It all started with a video, at least for me. I saw it last fall, shared it via Facebook, in part because it was so beautifully done, but mostly because it said, “Never give up,” and showed it in such a beautiful way.
When you’re an entrepreneur with a business you believe in, not giving up is a message you need to hear again and again.
If you haven’t seen Arthur Boorman’s story, then watch this video…immediately:
I happened across Arthur’s video again a couple of months ago, and this time, I took a minute to find out more about how his transformation happened. A minute became a half hour and that half hour turned into a serious exploration into something called DDP Yoga.
What is DDP Yoga?
DDP Yoga is the brainchild of Diamond Dallas Page, a three-time World Champion wrestler (yep, that wrestling) and the most unlikely candidate to be doing yoga (more on that later). DDP Yoga itself is a combination of yoga, traditional fitness, dynamic resistance (isometrics), and sports therapy. The claim is that you can get strength, cardio, and flexibility in one, minimal-impact workout. We’ll talk about the program itself in Part 2.
What’s Awesome About the Business of DDP Yoga
I’ve analyzed the history of the DDP Yoga business and suffice to say, this business has had an interesting ride. You’d think that a celebrity with name recognition and a huge fan base would find entrepreneurship pretty simple – create something and your people will buy it, right? Wrong. Not only does the business of DDP Yoga have an interesting story, it has a lot of lessons you can learn from.
Remember that DDP created something that, by its name alone, faced rejection by DDP’s fan base, mostly comprised of some fairly macho dudes. But DDP is rebranding yoga as a manly endeavor (DDP Yoga started out as “Yoga for Regular Guys”), returning it to its original warrior workout status. And here’s the other piece of the DDP rebranding story – the original workout (which you won’t find anywhere) was watered-down DDP. And it didn’t work. Lesson: If you’ve created a personal brand that works, stick with that brand and don’t let it get diluted. Period.
It’s easy to see the smart public relations at work with DDP Yoga. DDP and those he’s helped with DDP Yoga are regularly featured on shows like “The Doctors,” and Adam Corolla’s podcast (and mine!) The coolest thing about their PR is that they have a ton of hooks—they’re redefining yoga, there are these well-known wrestlers like Jake “The Snake” Roberts and Scott Hall who DDP has brought back from the brink with friendship and his yoga regimen, DDP himself as the unlikely yogi, not to mention the massive transformations like Arthur Boorman, and the contrarion idea that you can get cardio, strength, and flexibility at the same time, without jumping around. Lesson: Look for the hook in your story (or create one) and make that the centerpiece of your PR campaign.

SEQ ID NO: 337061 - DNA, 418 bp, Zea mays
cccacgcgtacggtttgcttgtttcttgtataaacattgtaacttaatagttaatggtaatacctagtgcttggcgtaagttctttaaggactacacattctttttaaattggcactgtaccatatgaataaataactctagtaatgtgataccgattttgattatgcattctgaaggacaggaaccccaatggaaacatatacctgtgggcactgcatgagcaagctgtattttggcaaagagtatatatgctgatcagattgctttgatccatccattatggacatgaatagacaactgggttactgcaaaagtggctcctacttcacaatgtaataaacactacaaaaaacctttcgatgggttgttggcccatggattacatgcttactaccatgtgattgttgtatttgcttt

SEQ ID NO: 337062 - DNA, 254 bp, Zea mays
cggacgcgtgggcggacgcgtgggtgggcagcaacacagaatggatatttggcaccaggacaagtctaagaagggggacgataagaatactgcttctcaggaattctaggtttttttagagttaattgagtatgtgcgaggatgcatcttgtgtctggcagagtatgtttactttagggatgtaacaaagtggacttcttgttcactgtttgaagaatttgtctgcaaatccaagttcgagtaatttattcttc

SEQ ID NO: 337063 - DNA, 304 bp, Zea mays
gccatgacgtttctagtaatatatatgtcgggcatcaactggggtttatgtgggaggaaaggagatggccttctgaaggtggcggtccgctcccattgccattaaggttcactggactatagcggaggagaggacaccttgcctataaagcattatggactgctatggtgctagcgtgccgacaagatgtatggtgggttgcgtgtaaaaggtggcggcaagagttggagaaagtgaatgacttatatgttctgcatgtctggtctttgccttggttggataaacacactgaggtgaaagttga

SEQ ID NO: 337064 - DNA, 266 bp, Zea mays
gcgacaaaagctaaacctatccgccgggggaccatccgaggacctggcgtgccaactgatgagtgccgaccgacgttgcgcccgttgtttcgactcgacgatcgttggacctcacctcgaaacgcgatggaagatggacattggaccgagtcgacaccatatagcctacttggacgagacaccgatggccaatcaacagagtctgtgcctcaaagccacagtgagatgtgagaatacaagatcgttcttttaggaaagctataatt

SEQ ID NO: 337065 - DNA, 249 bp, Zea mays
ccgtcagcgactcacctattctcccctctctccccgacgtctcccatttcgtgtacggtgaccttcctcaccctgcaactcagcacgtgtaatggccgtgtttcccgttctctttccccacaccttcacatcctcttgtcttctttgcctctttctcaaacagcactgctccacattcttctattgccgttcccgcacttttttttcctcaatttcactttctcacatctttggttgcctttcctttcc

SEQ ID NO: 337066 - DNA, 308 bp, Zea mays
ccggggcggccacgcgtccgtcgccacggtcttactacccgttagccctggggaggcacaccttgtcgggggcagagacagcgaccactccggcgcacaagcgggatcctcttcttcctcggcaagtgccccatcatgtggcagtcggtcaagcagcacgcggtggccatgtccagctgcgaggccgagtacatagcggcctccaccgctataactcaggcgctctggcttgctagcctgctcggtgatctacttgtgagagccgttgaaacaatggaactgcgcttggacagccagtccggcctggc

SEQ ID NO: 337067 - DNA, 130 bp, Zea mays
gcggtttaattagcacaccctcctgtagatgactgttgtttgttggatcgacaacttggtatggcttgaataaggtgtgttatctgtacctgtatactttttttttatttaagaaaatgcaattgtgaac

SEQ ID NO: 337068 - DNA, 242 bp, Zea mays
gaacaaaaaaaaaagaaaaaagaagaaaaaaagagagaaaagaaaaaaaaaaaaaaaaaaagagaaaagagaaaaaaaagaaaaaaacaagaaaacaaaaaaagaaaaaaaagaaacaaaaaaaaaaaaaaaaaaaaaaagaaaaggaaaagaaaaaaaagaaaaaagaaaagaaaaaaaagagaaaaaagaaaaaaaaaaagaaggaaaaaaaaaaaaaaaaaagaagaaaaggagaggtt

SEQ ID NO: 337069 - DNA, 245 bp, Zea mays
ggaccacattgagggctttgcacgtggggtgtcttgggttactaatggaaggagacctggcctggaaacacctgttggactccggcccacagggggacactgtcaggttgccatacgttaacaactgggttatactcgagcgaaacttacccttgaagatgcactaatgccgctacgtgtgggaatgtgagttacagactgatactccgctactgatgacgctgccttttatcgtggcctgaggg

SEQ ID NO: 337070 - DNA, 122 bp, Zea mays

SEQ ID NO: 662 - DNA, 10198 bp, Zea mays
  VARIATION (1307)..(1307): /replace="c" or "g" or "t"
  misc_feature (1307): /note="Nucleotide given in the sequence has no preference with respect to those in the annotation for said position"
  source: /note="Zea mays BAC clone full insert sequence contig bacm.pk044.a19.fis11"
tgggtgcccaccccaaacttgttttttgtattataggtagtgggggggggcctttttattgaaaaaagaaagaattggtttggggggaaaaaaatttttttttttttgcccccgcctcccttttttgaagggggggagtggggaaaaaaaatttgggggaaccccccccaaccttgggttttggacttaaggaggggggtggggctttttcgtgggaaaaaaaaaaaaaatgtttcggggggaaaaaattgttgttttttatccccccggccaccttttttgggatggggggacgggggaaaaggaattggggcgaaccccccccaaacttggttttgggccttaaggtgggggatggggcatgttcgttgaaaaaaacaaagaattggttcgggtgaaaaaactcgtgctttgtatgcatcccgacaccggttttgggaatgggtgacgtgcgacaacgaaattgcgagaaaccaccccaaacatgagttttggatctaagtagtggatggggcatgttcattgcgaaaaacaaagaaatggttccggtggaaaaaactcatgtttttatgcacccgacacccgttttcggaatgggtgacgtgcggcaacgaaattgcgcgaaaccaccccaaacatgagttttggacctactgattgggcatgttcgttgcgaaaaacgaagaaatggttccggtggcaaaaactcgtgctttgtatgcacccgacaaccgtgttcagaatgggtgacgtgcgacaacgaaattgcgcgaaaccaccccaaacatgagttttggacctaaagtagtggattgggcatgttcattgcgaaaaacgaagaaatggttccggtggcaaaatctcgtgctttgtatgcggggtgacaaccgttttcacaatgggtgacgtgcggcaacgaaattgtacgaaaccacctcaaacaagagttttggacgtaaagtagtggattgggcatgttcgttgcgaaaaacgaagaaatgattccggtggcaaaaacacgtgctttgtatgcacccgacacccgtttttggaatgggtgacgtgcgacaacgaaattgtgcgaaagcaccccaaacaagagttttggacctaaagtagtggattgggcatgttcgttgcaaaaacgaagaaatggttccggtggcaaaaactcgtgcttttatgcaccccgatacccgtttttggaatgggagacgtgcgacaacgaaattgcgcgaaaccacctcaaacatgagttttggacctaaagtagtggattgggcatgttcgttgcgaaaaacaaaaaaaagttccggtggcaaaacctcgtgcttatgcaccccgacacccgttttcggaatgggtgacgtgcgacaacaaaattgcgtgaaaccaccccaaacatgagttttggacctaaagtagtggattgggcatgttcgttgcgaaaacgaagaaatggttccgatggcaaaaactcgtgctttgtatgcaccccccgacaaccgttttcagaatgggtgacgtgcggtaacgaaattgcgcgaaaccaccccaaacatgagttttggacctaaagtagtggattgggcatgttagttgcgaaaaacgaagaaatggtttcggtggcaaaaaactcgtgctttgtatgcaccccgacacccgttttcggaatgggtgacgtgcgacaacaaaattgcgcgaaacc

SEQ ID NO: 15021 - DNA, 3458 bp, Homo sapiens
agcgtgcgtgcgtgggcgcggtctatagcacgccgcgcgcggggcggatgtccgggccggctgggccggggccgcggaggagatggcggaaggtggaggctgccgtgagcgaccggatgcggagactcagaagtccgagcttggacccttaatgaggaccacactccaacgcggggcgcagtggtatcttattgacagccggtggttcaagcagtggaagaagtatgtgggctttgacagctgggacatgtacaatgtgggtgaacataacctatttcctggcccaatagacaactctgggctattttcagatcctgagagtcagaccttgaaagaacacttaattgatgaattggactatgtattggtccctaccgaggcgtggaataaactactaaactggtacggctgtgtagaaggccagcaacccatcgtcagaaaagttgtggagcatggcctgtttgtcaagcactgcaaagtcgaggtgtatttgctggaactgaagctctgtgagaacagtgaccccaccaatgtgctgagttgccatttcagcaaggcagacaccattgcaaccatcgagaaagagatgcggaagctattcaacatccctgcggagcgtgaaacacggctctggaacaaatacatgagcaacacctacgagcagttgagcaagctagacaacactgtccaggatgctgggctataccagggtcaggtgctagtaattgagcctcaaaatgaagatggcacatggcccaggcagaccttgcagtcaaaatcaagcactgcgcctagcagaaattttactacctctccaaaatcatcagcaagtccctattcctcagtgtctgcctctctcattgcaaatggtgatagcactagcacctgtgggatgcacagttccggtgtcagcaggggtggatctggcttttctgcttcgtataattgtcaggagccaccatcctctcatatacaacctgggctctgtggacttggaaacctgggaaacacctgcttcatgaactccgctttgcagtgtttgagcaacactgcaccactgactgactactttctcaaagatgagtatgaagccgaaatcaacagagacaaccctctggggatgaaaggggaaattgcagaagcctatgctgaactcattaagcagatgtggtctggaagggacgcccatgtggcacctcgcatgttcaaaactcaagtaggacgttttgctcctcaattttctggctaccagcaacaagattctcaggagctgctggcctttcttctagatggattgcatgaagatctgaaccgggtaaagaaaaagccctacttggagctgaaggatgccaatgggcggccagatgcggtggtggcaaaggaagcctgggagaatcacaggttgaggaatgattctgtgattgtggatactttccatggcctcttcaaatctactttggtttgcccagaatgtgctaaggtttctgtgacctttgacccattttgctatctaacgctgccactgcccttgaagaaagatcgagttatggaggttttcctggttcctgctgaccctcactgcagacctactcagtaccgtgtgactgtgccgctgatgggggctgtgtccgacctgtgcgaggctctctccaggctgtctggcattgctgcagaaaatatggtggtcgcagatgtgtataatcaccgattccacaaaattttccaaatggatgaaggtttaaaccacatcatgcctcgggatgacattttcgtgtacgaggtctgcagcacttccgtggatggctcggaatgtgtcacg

The video about Arthur Boorman has over 10 million views now. But that video would never have gone viral if it had been a commercial for DDP yoga, or if it had ever mentioned DDP Yoga. That it didn’t include the words “DDP Yoga” was intentional—they wanted to inspire people with the video, rather than to advertise, and they knew people would follow the breadcrumbs if they really wanted to. Lesson: Viral videos can’t be contrived or poorly-concealed ads. It’s an art form. And it’s not about selling, it’s about the difference you make.
Social Media Power
If you take a close look at DDP Yoga’s marketing strategies, you’ll notice a serious social media platform. DDP himself has been on YouTube for years, and his social media platforms, most notably on Twitter and Facebook, are nothing to sneeze at. Take a look at the Facebook page for DDP Yoga and you’ll see a huge lovefest for the program, with people talking about their journeys and transformations. Same thing with the Twitter feed. People don’t just like the program—they love it. And they’re passionate enough to talk about it a lot. Everything gets retweeted and favorited, and DDP knows that’s key to people feeling connected to him and to the brand. Lesson: You have to manage your social media and leverage it. Don’t outsource the relationship-building in social media. Connect with the people on a human level and really build those relationships.
Another smart move made in the DDP camp is the use of celebrity endorsements. There’s no better endorsement than the progress of DDP himself, having made a better-than-ever comeback from a massive back injury that could have ended his career. But the list of celebrities who have been helped by DDP Yoga is growing by leaps and bounds, including wrestlers Jake “The Snake” Roberts, Scott Hall, Chris Jericho, Golddust, Stevie Richards, Zach Ryder, UFC fighters Sean Loeffler, Jim Miller, Tito Ortiz, Justin McCully, and Josh Barnett, comedians Gabriel Iglesias and Ralphie May. This might be the one place where DDP had a true advantage—he had relationships with well-known and well-placed individuals who tried out the program. However, even pre-existing relationships aren’t always enough to get you an endorsement by a celebrity or well-known person. You have to have a product that works. Lesson: Build authentic relationships with well-placed people in your industry—it’s a good way to show up in the world to build genuine relationships. It also turns out to be highly beneficial later when you can help each other out in a variety of ways.
So here’s the point:
The success of your business is about more than just how you market your business. As I’m always telling you, you need self-mastery, solid relationships, good branding, smart PR, and a strong marketing plan, but you also need a lot more, even if you’re a celebrity with name recognition, wealth, and a lot of fans.